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### Numeric Derivatives Using TI-83, TI-92

```Date: 10/17/2003 at 09:41:27
From: Cindy
Subject: numeric derivatives

What is the difference between a derivative and a numeric derivative?

When I needed to graph the sin (x) function and its derivative, I
plugged sin(x) in for the original function, then I differentiated and
got cos(x) for its derivative.  However, when I checked it on my
calculator using the nDeriv (numeric derivative) function, it came up
as sin(2x)/2x, and obviously graphed differently than cos(x).

I am aware that the correct derivative of sin(x) is cos(x), I just
don't understand why the numeric derivative gave a different answer.
```

```
Date: 10/17/2003 at 12:54:23
From: Doctor Peterson
Subject: Re: numeric derivatives

Hi, Cindy.

You didn't say what kind of calculator you are using, and I think that
may be the problem.

From my research, it appears that the TI-83 and others have a true
numeric derivative function, which gives the derivative as a number
for a specific value of x using a difference quotient for a very small
difference.  You would enter

nDeriv( sin(x), x, x )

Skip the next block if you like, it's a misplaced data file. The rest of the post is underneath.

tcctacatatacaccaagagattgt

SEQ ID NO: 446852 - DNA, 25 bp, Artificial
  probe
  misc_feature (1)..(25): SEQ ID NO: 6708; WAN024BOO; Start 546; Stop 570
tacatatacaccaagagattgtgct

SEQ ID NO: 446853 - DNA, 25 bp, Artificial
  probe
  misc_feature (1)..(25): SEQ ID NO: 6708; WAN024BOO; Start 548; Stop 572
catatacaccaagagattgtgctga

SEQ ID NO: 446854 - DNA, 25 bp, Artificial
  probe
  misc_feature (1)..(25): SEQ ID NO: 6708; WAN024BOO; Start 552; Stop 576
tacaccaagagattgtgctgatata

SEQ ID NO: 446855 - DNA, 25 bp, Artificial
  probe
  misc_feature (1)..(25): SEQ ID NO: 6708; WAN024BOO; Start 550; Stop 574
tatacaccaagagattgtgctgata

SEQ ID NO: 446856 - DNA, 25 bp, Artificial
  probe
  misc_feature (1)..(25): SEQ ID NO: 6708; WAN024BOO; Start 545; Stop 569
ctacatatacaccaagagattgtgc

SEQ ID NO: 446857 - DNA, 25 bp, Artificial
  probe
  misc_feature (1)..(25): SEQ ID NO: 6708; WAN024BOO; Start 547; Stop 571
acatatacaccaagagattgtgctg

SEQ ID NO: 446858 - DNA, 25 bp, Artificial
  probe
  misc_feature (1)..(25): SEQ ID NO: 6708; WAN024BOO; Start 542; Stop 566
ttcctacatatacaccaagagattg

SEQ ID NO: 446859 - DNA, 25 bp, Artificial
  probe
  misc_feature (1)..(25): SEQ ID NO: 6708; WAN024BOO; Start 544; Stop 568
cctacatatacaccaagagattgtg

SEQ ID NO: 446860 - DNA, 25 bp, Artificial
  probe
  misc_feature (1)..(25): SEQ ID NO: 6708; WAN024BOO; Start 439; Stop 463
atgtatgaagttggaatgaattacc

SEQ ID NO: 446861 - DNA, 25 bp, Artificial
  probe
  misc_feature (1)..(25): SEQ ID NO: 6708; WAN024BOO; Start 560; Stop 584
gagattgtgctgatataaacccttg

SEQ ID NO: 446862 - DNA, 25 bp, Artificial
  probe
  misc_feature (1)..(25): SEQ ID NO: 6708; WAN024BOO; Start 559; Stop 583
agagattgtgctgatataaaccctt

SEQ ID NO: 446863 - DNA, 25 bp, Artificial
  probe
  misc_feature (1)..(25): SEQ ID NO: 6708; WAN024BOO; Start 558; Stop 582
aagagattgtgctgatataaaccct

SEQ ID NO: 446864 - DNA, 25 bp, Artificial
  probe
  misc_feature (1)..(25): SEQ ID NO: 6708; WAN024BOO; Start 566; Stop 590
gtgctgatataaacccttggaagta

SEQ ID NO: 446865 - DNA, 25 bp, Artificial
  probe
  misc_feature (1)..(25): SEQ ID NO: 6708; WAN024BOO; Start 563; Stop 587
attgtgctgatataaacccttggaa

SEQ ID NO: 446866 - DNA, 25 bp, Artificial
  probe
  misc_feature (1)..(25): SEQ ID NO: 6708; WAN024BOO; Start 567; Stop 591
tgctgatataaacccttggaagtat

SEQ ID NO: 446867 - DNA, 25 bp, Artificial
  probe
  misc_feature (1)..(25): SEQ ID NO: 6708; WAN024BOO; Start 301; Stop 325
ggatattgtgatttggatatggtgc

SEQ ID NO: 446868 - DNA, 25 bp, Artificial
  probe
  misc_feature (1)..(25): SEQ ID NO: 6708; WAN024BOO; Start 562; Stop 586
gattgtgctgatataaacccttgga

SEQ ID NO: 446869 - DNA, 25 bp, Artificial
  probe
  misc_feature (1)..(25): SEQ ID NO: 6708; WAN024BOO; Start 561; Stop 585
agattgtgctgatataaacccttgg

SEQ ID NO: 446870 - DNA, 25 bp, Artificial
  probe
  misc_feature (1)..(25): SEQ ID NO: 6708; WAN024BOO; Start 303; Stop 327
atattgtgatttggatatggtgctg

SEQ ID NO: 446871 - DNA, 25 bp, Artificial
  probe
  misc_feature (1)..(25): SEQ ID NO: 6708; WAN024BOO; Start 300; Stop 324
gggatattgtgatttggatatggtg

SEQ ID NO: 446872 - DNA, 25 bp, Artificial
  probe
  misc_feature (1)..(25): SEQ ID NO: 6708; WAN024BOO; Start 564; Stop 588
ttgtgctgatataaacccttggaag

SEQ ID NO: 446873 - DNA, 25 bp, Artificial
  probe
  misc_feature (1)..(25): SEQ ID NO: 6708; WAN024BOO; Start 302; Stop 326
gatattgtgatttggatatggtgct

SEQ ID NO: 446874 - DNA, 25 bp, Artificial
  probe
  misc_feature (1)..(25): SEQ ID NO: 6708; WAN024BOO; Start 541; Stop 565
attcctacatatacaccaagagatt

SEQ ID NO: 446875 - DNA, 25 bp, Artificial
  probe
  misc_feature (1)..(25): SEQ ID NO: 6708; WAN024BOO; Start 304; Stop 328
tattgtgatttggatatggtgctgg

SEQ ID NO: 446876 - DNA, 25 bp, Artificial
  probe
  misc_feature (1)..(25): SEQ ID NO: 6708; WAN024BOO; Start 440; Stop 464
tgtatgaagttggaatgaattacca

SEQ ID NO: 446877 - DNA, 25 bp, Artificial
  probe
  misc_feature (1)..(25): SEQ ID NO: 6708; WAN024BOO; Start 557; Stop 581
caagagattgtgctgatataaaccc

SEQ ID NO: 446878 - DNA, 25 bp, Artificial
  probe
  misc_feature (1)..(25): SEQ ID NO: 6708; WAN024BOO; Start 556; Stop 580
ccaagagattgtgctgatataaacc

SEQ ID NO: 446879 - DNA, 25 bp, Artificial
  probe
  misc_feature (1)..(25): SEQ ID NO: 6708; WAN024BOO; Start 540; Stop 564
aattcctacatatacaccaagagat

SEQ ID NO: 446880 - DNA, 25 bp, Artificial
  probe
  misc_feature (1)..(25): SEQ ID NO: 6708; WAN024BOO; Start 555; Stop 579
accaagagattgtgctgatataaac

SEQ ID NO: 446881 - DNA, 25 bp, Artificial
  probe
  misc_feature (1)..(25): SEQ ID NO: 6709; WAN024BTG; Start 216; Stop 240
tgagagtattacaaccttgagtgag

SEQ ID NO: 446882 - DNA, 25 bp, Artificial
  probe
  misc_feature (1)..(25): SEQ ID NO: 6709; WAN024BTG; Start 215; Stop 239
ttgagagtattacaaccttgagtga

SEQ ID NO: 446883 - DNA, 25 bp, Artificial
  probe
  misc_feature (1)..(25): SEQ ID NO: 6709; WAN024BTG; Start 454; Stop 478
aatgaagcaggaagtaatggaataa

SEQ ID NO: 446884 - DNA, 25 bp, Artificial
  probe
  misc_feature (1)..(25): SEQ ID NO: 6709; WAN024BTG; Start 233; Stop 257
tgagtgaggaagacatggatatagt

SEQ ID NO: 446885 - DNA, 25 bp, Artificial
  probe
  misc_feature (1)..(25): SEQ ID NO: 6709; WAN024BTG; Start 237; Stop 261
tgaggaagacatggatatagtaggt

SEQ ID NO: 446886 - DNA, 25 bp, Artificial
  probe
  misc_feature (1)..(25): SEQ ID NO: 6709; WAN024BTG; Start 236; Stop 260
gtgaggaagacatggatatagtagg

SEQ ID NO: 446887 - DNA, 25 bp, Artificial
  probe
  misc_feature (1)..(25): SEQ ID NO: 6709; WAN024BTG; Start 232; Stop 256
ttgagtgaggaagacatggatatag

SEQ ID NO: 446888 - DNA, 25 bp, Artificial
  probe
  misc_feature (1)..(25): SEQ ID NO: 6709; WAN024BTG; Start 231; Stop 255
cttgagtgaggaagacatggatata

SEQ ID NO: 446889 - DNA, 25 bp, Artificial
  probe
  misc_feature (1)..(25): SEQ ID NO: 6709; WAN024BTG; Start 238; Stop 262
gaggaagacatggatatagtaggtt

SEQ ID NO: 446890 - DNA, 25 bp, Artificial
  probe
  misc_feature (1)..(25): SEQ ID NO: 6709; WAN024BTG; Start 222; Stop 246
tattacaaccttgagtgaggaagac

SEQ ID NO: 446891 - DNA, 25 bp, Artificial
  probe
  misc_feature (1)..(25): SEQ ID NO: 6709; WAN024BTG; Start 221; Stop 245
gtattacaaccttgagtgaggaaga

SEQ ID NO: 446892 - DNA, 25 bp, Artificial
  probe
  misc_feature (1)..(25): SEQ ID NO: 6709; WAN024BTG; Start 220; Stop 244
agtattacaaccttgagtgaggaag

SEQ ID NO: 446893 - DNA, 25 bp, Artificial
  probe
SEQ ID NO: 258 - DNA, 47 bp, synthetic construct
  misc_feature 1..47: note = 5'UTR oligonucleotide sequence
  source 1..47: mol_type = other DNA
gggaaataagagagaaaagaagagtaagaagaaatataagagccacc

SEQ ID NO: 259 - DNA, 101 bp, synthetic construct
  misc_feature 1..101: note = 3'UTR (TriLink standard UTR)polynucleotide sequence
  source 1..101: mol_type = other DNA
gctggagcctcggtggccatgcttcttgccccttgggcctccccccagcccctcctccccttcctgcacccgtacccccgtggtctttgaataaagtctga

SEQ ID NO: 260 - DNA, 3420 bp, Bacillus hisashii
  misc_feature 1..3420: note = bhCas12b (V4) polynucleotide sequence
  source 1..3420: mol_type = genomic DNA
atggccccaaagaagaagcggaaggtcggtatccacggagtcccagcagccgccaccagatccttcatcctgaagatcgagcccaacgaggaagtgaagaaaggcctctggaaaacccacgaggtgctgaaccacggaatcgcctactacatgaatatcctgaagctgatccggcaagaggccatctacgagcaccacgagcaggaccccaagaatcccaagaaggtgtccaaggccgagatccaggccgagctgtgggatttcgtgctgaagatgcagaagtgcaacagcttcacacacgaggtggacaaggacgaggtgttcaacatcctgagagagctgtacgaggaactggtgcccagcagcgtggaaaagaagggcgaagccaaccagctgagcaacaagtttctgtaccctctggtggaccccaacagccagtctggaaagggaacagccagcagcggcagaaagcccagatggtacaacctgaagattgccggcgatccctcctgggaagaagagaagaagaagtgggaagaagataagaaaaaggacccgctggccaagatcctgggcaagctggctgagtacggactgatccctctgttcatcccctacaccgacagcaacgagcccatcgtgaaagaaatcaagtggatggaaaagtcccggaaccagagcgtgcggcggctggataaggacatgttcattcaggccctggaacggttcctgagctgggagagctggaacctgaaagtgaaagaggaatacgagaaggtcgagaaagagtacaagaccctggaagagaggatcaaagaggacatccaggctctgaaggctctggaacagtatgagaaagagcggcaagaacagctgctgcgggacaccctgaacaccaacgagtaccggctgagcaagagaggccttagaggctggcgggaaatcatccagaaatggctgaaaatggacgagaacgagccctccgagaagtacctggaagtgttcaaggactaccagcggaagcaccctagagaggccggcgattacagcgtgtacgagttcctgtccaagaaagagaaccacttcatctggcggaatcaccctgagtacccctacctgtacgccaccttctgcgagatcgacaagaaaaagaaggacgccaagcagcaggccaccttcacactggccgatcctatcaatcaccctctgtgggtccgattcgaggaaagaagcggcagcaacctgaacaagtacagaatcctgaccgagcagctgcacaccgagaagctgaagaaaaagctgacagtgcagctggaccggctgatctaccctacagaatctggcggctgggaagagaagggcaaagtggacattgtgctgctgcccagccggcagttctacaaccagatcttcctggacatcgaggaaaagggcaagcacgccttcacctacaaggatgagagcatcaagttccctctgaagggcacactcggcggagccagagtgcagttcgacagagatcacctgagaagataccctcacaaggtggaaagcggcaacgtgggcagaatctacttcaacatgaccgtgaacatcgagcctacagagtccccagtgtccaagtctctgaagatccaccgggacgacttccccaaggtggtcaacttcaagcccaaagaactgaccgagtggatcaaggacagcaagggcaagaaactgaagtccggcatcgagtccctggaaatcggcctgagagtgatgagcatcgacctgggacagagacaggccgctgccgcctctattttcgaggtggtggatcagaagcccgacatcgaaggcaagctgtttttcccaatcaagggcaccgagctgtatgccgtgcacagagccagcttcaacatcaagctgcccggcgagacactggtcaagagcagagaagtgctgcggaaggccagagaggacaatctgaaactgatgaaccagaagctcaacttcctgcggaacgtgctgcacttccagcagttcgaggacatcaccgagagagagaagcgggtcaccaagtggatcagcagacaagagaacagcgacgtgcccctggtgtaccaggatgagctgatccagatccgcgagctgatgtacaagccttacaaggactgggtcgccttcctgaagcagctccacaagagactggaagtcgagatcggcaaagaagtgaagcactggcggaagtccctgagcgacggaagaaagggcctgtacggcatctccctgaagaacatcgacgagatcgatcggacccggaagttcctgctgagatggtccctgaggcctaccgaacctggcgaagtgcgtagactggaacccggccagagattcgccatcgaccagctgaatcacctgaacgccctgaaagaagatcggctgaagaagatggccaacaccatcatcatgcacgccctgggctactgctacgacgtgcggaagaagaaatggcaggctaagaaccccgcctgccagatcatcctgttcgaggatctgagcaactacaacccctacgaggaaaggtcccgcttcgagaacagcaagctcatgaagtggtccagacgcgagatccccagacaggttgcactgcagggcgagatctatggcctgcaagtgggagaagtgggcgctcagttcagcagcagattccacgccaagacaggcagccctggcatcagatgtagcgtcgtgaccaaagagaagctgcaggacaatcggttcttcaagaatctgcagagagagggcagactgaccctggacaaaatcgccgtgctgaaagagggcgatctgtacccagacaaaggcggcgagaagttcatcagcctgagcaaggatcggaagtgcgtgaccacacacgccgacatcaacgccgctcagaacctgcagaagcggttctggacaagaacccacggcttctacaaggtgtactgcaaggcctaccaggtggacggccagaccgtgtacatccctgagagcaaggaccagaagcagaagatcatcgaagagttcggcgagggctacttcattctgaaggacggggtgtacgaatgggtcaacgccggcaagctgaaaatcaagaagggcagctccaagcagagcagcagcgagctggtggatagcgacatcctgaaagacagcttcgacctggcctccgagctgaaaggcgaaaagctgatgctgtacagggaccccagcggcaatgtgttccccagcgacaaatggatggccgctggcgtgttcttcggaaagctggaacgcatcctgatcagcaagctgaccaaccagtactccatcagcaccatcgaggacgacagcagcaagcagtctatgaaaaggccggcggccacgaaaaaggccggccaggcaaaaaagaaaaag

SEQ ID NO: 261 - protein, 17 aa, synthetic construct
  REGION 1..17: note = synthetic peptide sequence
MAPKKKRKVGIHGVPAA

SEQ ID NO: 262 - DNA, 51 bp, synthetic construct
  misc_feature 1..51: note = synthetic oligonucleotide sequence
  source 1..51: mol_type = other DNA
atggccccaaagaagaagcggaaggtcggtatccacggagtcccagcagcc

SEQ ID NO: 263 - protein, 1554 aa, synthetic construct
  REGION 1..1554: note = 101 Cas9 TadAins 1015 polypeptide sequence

and get the value of the derivative of sin(x) with respect to x at any
specific value x, which it can graph for you by repeating this
calculation for each x.  The second argument to the function is the
variable with which to differentiate, while the third is the value at
which to evaluate an approximate derivative.  This is done by taking
an approximate limit

f(a+h) - f(a-h)
nDeriv( f(x), x, a ) = lim  ---------------
h->0       2h

You got an expression instead, which suggests that you are using a
TI-92 or equivalent.  That actually produces a difference quotient
expression, rather than just a value, and has a slightly different
syntax.  You probably entered the same thing you would enter on a
TI-83 to graph the derivative,

nDeriv( sin(x), x, x )

and got the expression

sin(2x)
-------
2x

This is because

nDeriv( f(x), x, h )

returns the expression

f(x+h) - f(x-h)
---------------
2h

which is the symmetrical difference quotient.  Since you unwittingly
entered x for the difference h, this would become

sin(x+x) - sin(x-x)   sin(2x) - sin(0)   sin(2x)
------------------- = ---------------- = -------
2x                   2x            2x

This is not the derivative, but a specific difference quotient with a
large value of h.  You need to make h small to get an approximation to
the derivative.

Isn't it nice of TI to make two calculators with the same named
function that does two entirely different things?

To do what you want on the TI-92, drop the third argument, so that it
will default to h=0.001, and just graph the resulting function, which
will be a good approximation to the derivative.

If you have any further questions, feel free to write back.

- Doctor Peterson, The Math Forum
http://mathforum.org/dr.math/
```
Associated Topics:
High School Calculators, Computers
High School Calculus

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